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NCJRS Abstract

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NCJ Number: 252953 Find in a Library
Title: The Interpersonal Conflict and Resolution (iCOR) Study
Author(s): Elizabeth A. Mumford; Bruce G. Taylor; Weiwei Liu; Mark Berg
Corporate Author: University of Chicago
United States of America
Date Published: May 2019
Page Count: 16
Sponsoring Agency: National Institute of Justice (NIJ)
Washington, DC 20531
University of Chicago
Chicago, IL 60637
US Dept of Justice NIJ Pub
Washington, DC 20531
Grant Number: 2015-VF-GX-0110
Sale Source: US Dept of Justice NIJ Pub
810 Seventh Street, NW
Washington, DC 20531
United States of America
Document: PDF
Type: Program/Project Description; Report (Grant Sponsored); Report (Study/Research); Research (Applied/Empirical)
Format: Document; Document (Online)
Language: English
Country: United States of America
Annotation: This study sought to determine the nature, incidence, and coincidence of forms of interpersonal conflict and resulting conflict management styles, including physical violence, in an existing nationally representative cohort of 18-32 year old individuals.
Abstract: Respondent reports of conflicts that involved aggressive and violent behavior (offending and victimization) were distinguished for three relationship categories, i.e., intimate partner relationships, friends/acquaintances, and relatively unknown persons/strangers. Using a dyadic data collection design, the study assessed the nature of conflict and conflict-management behavior patterns within and outside intimate partner dyads, using information reported by both “Prime” respondents (members of the general population sample who referred an intimate partner to recruitment for an iCOR survey) and three types of counterpart relationships. Three waves of data collection were conducted. This research fills a number of significant gaps in criminology regarding the role of conflict that precedes violence and how conflict management strategies can escalate these conflicts into episodes of violence. Journal articles stemming from this research have included suggestions for program developers on how these results can inform the design of violence-prevention efforts. In addition, the research further documents the victim-offender overlap and builds on the literature on predicting this overlap by identifying new risk factors. 1 table and 36 references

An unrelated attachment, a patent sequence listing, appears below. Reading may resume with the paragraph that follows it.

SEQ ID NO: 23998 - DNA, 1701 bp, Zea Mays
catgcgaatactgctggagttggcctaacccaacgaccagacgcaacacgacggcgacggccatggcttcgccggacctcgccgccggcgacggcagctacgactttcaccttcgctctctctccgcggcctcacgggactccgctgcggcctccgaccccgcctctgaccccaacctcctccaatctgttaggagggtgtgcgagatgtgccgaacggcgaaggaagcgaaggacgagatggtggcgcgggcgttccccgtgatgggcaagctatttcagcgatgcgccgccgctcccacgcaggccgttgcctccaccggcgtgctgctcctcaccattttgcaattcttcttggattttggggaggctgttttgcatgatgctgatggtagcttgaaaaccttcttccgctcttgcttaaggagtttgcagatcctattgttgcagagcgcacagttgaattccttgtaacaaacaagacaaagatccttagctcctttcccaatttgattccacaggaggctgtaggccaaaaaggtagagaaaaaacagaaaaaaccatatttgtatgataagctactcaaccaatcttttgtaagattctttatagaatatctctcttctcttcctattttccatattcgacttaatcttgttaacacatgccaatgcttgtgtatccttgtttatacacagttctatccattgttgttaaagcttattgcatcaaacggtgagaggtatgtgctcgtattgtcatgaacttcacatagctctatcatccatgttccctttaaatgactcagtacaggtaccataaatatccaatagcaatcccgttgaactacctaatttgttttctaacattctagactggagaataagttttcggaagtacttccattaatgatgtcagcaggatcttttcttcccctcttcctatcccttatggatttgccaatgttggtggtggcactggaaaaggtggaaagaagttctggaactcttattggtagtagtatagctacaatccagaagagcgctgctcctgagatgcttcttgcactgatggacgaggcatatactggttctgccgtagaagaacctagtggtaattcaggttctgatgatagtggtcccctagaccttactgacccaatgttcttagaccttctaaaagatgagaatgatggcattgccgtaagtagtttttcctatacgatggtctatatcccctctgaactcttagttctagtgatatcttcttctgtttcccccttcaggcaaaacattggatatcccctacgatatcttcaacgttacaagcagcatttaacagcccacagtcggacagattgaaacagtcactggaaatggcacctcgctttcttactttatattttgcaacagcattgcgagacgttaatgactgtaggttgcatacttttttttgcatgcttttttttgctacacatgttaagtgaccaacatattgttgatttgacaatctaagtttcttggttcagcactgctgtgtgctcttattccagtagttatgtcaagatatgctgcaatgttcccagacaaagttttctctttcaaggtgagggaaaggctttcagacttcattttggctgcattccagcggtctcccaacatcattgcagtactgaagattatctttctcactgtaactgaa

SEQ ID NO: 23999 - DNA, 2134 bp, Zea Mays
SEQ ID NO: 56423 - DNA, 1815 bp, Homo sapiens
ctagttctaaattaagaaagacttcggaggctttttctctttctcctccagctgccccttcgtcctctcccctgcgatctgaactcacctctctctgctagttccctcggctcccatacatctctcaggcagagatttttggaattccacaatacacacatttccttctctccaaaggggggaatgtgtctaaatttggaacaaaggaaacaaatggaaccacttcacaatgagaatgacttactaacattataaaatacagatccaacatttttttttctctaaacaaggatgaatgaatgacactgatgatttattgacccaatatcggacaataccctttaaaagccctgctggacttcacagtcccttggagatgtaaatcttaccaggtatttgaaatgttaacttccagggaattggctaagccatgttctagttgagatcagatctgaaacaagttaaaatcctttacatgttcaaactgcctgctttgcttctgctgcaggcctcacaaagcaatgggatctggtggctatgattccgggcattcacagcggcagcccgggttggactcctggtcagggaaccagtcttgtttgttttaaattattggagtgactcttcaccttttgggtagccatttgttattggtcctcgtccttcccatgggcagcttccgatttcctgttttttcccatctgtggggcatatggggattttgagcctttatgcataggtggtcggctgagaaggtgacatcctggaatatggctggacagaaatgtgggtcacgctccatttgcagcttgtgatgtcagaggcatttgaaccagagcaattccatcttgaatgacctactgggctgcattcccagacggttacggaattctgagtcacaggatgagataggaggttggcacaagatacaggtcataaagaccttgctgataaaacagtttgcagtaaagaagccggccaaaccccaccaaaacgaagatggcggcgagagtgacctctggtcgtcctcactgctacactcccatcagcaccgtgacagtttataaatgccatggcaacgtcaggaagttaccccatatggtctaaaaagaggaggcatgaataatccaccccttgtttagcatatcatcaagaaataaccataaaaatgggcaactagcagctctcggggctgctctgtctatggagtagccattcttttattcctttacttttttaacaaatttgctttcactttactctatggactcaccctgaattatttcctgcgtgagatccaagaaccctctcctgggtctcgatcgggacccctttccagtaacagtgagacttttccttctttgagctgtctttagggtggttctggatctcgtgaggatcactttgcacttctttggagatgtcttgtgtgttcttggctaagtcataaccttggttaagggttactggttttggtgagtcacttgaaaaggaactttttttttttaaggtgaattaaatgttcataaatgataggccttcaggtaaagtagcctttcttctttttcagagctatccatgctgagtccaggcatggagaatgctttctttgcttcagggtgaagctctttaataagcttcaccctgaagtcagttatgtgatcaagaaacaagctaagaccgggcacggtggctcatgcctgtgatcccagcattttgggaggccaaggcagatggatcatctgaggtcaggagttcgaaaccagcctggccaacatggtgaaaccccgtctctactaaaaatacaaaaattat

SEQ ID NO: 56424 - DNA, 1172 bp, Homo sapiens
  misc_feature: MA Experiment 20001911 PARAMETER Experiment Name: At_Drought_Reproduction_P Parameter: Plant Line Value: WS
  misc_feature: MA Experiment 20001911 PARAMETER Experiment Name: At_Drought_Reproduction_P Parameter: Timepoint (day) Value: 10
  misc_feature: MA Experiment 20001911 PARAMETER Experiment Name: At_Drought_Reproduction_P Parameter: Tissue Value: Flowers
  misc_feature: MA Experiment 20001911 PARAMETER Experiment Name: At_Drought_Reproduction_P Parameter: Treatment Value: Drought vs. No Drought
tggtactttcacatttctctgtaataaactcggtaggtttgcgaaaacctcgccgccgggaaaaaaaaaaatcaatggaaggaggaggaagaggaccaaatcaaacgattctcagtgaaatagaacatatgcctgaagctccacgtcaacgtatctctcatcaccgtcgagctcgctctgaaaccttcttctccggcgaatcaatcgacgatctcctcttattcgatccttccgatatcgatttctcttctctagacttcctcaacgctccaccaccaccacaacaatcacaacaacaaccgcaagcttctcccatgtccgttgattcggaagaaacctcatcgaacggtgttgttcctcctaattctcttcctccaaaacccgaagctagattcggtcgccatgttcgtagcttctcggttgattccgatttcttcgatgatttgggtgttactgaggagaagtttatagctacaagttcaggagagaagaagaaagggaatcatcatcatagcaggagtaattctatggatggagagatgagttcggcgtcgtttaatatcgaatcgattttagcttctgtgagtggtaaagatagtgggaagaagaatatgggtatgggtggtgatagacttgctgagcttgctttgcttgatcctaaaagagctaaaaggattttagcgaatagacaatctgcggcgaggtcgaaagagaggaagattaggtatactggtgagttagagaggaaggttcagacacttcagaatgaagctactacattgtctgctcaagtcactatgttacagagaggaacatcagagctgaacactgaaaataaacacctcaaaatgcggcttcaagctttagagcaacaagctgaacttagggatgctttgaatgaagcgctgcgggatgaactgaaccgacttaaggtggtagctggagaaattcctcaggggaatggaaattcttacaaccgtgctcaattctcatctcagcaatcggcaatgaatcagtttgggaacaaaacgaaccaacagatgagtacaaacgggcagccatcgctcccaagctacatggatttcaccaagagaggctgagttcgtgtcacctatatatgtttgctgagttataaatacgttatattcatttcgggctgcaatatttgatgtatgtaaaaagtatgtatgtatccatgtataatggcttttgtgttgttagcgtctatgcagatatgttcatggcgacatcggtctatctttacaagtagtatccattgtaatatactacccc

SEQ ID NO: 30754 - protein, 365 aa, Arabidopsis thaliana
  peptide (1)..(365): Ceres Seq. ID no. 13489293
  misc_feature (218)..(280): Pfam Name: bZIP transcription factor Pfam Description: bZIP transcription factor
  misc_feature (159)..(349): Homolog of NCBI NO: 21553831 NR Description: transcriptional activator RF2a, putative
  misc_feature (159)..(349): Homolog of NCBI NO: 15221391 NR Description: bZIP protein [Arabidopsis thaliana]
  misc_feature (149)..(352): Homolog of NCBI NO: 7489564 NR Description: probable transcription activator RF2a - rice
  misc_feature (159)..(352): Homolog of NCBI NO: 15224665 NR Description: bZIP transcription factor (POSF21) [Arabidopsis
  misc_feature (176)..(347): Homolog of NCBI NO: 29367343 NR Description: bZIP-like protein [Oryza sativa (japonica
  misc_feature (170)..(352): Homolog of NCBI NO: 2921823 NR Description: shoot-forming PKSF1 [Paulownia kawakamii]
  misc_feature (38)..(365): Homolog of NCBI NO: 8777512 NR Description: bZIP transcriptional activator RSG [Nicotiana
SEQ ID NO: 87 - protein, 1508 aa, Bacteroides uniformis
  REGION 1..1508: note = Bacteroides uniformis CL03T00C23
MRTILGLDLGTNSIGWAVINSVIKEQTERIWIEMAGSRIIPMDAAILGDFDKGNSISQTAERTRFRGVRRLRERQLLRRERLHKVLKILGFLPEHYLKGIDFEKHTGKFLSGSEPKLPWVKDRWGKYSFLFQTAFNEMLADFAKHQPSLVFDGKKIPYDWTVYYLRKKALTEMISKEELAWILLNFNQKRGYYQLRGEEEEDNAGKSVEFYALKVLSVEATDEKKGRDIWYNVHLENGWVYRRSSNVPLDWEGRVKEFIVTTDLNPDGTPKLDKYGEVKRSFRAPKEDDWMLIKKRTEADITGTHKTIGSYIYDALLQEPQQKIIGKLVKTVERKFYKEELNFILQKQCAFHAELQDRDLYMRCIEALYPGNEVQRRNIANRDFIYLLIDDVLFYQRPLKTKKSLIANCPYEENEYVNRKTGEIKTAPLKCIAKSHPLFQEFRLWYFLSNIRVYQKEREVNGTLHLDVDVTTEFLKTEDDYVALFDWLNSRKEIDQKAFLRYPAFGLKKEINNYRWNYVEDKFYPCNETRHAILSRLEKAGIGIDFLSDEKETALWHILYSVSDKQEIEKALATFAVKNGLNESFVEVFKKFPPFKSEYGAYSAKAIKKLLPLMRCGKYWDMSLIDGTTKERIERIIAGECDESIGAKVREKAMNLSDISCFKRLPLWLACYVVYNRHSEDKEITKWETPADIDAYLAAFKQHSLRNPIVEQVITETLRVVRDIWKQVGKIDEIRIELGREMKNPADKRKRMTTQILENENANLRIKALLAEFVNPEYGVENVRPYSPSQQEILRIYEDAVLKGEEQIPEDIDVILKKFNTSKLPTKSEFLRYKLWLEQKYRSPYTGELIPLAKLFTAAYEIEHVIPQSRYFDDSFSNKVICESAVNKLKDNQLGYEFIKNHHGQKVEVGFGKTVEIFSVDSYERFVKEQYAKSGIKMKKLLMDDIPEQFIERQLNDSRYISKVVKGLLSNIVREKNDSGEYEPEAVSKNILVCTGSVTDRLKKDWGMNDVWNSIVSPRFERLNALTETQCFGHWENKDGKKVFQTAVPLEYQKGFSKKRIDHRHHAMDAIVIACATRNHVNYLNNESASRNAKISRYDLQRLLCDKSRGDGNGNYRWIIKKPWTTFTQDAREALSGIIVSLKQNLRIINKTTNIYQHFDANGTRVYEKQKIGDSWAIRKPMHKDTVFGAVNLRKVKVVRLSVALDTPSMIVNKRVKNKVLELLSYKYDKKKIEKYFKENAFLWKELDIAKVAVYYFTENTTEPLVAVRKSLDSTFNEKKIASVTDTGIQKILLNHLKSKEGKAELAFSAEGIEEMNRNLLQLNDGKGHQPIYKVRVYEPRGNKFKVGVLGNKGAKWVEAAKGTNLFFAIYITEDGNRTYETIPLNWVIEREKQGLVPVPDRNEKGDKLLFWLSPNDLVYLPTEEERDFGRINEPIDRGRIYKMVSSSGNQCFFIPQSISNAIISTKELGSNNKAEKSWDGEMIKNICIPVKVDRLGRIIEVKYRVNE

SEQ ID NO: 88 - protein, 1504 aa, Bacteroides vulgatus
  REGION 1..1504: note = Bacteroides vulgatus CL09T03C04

Main Term(s): Criminology
Index Term(s): Conflict resolution; Conflict theory; Crime prevention planning; Crime specific countermeasures; Domestic violence causes; National Institute of Justice (NIJ); NIJ final report; Violence causes; Violence prevention
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